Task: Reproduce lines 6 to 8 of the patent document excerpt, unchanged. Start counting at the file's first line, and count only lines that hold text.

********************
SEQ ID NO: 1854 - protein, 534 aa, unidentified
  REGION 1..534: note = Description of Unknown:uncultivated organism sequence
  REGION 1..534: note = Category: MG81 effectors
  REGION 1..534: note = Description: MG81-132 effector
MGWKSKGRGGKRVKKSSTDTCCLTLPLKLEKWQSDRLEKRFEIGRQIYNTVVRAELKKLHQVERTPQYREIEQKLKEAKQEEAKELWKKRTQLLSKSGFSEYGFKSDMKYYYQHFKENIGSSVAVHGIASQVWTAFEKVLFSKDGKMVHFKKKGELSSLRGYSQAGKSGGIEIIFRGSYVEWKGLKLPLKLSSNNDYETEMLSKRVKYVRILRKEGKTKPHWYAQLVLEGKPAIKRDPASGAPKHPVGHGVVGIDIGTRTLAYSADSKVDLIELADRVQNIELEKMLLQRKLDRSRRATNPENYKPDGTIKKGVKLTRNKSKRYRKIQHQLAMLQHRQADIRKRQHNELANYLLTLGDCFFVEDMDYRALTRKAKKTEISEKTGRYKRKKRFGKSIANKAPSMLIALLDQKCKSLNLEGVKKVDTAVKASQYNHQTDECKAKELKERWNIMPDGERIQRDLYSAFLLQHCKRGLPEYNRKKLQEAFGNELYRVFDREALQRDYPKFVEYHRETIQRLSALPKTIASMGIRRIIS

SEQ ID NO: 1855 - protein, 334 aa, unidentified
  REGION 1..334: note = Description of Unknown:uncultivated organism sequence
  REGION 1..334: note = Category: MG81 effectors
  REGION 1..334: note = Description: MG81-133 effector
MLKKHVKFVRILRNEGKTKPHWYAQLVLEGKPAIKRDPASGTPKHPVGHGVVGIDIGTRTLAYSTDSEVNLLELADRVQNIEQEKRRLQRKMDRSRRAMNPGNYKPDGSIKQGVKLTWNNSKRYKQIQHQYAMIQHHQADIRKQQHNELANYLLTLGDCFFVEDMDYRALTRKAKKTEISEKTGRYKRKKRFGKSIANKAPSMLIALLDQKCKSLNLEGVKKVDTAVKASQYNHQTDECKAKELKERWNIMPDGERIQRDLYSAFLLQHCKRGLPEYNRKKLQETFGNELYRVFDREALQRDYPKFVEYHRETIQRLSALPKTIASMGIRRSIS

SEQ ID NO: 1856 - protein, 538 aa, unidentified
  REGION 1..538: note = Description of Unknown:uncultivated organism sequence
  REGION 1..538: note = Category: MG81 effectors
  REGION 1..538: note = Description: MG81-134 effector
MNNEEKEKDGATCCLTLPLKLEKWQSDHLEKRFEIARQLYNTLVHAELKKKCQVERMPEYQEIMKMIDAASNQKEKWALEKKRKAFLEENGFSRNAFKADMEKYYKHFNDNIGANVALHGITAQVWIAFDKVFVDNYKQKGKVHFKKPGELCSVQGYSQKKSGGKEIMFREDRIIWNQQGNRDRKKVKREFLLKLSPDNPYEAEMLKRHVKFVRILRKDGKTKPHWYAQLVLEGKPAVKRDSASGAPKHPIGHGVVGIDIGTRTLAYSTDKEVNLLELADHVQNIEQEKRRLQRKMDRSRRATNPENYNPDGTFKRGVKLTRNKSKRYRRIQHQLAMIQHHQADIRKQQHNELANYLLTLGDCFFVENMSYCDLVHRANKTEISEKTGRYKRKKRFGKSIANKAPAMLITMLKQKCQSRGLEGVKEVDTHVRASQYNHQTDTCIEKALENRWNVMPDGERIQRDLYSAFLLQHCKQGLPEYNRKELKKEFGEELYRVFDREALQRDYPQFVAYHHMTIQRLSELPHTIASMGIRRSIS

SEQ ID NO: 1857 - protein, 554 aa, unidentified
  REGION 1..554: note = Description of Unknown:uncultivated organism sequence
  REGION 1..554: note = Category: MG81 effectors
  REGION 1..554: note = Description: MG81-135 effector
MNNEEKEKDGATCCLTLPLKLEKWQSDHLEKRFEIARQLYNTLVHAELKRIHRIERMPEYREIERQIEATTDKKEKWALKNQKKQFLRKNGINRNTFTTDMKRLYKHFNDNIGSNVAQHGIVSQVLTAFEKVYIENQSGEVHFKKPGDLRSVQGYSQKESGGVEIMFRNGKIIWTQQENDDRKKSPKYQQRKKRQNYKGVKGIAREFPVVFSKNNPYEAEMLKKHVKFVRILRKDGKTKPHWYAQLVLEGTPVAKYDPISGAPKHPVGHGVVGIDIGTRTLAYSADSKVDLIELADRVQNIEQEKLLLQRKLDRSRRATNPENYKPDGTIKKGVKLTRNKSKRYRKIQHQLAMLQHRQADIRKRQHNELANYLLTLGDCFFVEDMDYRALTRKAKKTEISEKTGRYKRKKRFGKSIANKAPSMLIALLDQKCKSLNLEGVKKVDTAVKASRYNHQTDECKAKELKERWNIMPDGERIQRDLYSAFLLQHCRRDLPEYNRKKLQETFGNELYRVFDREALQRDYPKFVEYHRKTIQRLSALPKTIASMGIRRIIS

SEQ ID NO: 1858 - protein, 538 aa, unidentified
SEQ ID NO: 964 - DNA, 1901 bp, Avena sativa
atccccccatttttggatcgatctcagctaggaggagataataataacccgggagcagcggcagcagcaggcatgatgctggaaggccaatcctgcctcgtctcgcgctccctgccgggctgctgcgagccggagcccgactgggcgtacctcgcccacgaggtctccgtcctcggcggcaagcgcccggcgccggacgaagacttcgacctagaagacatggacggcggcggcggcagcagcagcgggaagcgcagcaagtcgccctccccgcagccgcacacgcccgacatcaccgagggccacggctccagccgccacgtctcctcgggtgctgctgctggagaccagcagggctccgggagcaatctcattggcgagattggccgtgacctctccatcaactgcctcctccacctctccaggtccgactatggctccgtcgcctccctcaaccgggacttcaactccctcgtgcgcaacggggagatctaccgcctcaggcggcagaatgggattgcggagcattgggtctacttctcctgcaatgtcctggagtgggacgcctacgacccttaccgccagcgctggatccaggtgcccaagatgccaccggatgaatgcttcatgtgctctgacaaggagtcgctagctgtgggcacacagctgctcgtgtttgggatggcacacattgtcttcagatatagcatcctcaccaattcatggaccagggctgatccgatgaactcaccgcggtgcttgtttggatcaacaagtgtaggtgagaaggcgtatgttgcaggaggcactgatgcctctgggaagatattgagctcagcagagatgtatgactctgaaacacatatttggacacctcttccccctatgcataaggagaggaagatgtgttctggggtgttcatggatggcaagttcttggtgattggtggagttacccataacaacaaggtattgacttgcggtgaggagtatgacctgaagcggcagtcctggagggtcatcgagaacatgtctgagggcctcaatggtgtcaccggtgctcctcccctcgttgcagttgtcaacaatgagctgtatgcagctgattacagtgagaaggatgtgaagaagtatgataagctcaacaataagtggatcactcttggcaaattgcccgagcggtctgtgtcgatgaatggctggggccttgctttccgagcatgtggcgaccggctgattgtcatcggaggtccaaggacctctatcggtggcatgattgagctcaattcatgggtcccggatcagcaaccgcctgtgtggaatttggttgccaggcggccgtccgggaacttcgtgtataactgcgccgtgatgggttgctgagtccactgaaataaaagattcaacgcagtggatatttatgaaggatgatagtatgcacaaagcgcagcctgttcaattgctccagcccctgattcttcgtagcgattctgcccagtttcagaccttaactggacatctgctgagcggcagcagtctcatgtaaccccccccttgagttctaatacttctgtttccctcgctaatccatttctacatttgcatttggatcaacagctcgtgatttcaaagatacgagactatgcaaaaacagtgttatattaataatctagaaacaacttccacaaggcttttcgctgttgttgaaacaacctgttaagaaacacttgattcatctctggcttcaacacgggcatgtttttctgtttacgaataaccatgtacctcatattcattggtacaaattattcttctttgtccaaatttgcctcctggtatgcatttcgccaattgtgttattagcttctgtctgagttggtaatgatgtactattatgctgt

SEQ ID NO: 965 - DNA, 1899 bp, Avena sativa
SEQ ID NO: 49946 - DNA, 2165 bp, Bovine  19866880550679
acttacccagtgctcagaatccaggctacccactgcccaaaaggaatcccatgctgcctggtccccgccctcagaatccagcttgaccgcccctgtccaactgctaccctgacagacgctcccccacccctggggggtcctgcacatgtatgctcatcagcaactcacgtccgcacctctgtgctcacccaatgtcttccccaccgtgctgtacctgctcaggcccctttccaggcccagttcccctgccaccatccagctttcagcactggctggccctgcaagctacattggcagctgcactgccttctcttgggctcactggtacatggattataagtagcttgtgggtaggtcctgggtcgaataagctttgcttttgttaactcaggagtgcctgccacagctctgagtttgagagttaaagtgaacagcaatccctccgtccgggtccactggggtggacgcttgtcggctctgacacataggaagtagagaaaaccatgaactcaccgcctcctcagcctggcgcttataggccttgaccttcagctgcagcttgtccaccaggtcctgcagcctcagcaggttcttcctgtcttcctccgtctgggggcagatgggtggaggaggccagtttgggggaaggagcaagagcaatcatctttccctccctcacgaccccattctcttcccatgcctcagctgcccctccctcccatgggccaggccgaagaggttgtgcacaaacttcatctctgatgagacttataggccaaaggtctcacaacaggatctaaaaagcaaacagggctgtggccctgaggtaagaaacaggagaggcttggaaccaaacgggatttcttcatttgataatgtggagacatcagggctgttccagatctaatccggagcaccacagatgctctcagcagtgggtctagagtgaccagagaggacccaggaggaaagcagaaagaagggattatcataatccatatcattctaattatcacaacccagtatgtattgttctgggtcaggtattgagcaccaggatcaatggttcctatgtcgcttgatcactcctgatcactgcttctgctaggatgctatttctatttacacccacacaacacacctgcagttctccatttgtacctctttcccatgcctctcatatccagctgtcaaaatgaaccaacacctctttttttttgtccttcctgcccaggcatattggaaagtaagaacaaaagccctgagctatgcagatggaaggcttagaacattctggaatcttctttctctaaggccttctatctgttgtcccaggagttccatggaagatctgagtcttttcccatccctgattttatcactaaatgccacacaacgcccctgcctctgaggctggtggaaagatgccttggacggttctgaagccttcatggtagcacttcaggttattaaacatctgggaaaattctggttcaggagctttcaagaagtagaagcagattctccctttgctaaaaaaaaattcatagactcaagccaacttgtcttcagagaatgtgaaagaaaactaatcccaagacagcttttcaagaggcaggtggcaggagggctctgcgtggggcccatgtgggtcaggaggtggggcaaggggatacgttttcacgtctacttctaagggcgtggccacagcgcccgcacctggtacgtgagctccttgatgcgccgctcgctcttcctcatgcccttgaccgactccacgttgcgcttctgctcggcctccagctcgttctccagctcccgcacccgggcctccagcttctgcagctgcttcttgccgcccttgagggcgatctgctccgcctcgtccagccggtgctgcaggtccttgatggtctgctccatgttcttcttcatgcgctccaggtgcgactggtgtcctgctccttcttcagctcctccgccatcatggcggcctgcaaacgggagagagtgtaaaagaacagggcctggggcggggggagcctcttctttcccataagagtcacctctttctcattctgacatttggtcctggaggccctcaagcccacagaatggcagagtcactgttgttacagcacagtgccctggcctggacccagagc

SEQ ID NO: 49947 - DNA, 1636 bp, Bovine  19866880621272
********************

SEQ ID NO: 1855 - protein, 334 aa, unidentified
  REGION 1..334: note = Description of Unknown:uncultivated organism sequence
  REGION 1..334: note = Category: MG81 effectors